3 musician skills that translate to coding

Hack Reactor

3 musician skills that translate to coding's Image

By Laurence MacNaughton for Hack Reactor


Do musicians make better software engineers? Scientists have long studied the relationship between musical skills and higher-level cognitive skills. 

Numerous studies have shown that individuals with musical training have a greater aptitude for executive functioning processes: being able to remember instructions, formulate a plan, focus on the task at hand, and switch between multiple tasks. These are all core competencies for software developers. So does that mean that musicians make better developers?

To find out, we asked Ian Salmon, who was a professional violinist and teacher for nine years and is now a Hack Reactor coding bootcamp grad and software engineer at Cloud Elements. 

He says that musicians and developers share several crucial skills.

1. Breaking down complex projects into bite-size pieces.

Whenever a musician sits down to learn a new piece of music, they know that they can't learn it all at once. It's too overwhelming.

“Aiming strictly for the finish line is a horrible idea because the study of that piece is often going to take weeks or months before it's ready for a performance. It's a marathon,” Salmon says.

In order to make any headway, and still enjoy music practice on a day-to-day basis, a musician must break down the entire process into smaller and more manageable goals.

The same is true on long-term software development projects, which can take months to complete.

“You get a user story and you break it down into code sprints. Then you break that down into daily subtasks,” Salmon says. Some of these code sprints last a few days, while others can stretch on for weeks, he says. In order to make it through such a labor-intensive project, you must break it down into smaller weekly and daily goals.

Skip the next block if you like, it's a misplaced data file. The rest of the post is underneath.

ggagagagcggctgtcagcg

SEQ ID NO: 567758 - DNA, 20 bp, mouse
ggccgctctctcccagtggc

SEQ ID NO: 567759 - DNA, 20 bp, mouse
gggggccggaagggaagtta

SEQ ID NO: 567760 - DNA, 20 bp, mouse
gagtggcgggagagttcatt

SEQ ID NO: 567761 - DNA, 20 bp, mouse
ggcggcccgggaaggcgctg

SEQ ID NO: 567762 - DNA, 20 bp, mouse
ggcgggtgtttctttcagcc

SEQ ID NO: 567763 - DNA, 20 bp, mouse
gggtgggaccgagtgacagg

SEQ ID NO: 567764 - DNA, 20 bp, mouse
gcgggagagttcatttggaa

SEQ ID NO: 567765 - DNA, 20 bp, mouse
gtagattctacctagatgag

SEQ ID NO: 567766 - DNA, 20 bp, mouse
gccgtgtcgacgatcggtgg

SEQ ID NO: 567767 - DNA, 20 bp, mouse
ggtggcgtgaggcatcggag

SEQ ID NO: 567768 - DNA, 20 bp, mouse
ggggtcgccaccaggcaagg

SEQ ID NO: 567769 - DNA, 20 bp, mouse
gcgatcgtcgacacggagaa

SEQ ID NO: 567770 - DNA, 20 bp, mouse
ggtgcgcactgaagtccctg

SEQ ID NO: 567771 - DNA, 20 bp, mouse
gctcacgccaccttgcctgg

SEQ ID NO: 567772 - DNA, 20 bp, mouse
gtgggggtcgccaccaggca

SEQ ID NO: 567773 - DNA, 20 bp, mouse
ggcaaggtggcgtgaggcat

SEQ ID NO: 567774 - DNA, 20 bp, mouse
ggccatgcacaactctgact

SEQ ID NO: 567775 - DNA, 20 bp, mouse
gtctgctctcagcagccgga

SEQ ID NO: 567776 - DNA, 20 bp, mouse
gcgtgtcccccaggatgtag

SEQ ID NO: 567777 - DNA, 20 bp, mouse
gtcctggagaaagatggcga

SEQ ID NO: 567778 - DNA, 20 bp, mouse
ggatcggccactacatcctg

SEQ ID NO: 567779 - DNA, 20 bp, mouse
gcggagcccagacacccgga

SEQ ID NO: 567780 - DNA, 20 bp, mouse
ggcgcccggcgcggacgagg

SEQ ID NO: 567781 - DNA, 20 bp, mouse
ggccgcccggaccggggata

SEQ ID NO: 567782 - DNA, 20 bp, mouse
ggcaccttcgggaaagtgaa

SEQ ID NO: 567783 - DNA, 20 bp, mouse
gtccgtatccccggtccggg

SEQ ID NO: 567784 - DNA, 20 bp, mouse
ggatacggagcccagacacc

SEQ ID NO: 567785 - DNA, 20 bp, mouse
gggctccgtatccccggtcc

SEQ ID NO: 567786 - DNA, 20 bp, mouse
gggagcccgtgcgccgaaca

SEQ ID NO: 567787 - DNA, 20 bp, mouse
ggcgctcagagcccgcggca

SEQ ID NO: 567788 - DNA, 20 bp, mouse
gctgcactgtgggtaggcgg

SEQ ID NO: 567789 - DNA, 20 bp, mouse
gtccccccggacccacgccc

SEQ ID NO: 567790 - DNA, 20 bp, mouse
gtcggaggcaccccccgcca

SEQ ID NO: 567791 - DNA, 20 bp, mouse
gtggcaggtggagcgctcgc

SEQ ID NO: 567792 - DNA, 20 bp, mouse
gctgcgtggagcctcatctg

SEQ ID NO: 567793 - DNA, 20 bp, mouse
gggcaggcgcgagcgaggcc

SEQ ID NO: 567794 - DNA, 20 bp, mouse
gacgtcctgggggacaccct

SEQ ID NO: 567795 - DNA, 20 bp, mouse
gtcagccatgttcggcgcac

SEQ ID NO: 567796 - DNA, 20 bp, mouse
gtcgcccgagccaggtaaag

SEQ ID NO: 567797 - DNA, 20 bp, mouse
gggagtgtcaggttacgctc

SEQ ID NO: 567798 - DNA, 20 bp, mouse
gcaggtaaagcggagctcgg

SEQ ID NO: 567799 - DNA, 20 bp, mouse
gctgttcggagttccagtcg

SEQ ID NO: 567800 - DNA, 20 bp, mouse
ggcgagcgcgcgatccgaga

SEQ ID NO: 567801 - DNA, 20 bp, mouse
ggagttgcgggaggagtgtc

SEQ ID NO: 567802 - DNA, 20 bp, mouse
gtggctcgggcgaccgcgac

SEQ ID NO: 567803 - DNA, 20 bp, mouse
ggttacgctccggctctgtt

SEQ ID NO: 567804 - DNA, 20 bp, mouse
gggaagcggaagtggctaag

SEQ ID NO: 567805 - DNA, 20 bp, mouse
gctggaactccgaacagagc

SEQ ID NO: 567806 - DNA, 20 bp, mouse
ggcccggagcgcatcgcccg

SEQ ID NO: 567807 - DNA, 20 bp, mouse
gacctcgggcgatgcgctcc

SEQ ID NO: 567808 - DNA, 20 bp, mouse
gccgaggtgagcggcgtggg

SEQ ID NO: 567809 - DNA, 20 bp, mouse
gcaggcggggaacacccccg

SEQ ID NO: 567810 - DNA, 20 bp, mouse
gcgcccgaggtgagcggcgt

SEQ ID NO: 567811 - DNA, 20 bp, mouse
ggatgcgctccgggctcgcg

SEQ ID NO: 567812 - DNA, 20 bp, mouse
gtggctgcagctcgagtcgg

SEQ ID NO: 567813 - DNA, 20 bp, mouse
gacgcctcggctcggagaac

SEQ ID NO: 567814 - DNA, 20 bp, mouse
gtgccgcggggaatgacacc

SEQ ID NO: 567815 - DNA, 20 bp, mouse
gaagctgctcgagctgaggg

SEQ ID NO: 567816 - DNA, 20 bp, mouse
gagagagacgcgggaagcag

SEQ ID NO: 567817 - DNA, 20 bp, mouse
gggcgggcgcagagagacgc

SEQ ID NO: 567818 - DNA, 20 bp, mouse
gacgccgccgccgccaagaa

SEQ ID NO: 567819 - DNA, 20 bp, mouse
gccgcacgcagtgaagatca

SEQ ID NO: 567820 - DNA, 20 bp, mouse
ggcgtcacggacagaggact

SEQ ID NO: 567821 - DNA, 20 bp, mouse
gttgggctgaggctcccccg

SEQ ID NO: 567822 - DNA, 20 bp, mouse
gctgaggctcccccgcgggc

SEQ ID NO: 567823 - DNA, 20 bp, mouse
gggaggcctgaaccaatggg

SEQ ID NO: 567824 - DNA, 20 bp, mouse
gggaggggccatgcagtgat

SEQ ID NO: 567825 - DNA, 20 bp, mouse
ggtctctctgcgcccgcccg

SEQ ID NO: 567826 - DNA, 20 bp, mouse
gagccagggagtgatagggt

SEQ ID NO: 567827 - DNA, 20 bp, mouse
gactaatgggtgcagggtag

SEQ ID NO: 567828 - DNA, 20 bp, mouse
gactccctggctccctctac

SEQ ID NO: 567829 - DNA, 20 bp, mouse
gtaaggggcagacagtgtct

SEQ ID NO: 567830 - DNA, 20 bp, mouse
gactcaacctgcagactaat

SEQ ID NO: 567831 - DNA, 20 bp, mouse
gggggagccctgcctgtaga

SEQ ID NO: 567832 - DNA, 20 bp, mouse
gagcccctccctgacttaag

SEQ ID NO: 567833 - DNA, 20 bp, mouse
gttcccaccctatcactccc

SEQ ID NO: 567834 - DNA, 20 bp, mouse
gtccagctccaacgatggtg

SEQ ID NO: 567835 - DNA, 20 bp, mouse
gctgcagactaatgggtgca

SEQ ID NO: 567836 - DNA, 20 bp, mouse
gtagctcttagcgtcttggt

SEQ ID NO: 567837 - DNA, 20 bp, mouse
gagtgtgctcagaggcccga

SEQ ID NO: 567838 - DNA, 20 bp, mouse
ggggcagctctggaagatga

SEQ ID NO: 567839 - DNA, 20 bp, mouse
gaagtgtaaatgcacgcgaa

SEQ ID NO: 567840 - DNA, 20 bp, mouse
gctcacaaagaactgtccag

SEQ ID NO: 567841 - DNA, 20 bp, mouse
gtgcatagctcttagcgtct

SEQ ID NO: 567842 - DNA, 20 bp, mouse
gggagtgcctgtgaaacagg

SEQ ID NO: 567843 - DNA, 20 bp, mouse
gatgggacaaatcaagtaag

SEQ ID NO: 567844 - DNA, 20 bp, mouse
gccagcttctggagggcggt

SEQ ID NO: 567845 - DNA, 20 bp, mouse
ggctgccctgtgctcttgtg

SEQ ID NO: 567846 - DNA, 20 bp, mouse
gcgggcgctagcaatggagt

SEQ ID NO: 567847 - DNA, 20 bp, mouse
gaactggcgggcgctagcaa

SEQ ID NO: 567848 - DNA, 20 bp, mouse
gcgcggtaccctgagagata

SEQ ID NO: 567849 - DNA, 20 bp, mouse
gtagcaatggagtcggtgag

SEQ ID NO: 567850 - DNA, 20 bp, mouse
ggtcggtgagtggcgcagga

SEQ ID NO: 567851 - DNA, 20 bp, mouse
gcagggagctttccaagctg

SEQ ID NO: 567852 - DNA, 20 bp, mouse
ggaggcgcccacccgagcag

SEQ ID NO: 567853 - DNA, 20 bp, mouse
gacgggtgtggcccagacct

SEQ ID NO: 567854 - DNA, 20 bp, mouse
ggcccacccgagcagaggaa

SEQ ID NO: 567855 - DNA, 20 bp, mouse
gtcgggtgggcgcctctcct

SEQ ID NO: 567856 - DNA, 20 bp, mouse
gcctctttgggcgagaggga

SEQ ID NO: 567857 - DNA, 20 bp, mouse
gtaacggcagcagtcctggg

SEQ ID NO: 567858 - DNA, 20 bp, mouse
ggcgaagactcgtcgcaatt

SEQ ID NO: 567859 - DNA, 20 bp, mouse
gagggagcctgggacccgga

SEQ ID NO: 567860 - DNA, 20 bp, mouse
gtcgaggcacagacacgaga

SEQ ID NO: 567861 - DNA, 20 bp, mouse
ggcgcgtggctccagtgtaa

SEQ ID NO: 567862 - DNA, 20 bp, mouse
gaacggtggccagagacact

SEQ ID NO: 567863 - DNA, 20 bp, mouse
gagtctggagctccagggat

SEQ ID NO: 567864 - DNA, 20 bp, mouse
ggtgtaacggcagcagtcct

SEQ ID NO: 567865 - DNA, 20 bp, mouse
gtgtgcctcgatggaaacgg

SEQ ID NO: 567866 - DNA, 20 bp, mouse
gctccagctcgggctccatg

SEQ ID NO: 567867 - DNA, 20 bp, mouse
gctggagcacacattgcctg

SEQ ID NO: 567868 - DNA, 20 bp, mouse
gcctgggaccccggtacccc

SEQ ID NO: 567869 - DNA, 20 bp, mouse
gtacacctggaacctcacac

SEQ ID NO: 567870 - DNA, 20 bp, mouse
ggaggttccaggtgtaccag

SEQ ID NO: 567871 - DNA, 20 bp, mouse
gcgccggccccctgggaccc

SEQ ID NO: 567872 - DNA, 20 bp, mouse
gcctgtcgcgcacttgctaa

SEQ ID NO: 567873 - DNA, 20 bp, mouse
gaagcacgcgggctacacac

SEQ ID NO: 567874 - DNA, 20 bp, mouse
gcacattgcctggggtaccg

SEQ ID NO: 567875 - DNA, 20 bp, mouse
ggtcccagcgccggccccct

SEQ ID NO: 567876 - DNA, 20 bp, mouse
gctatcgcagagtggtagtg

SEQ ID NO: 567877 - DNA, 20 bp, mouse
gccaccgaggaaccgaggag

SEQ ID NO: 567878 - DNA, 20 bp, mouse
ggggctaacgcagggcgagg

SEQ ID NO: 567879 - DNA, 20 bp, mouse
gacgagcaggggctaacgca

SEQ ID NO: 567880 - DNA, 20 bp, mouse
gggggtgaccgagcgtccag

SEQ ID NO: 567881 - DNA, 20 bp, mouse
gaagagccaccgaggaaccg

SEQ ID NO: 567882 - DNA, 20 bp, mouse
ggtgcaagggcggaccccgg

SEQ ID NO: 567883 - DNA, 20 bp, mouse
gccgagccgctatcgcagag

2. Practicing through repetition.

When you're learning how to play a new piece of music or a new instrument, there are plenty of technical challenges involved. Often, the only way to overcome those challenges is through hours of repetition. Once you've broken down the task into more manageable subtasks, you have to decide how you will practice it.

“How many times in a row do you want to do this correctly?” Salmon says. “For example, isolating a particular phrase in a piece. You might make it a goal that today you're going to play that phrase 10 times in a row successfully.”

The same is true with code. Whether you're learning a new programming language or tackling a particularly difficult project, often the best way to learn something new is through repetition. While it can be tedious at times, it’s frequently the fastest way to improve.

3. Developing a love of learning.

Ask almost any skilled musician whether they enjoy learning to play new music, and they will say yes. Being a musician is a process of continuous learning. Those who love to learn will become better musicians over time. Those who don't, won't.

That's just as true for software engineers. As a developer, you must constantly master new technologies in order to stay relevant in a constantly changing marketplace.

For example, among developers today, there is a tremendous need for experts in React, a front-end library made by Facebook that is becoming as popular as Angular. But while React isn't necessarily any more challenging than Angular, there currently aren't enough React developers to meet employer demand. Why is that?

“Because you have to learn it. It takes time to learn, and it can be stressful. But if you have a love of learning, if you love to learn new services, new libraries, new frameworks, then you can make a hell of a career in software,” Salmon says.

Does learning to play music make you a better software engineer?

There isn't a direct line between playing music and becoming a better software engineer. But mastering a musical instrument develops many of the same skills needed for a successful technology career. Playing music helps you develop the skills to learn faster, solve complex problems, and come up with creative solutions.

The best way for a musician to make the transition into a career as a software engineer, Salmon says, is to start off with some entry-level classes and work on developing fluency in a programming language. You may even want to take a coding bootcamp online.

At some point, though, you'll have to dive into the actual creative process and find out whether you enjoy doing it. The key, Salmon says, is to be honest with yourself.

“Ask yourself: do you enjoy this? Do you enjoy it in the same way that you enjoy music? If you are finding joy in this, then you should keep studying. You might be on the right path,” Salmon says. “This might be a great career for you, but you've got to love it.”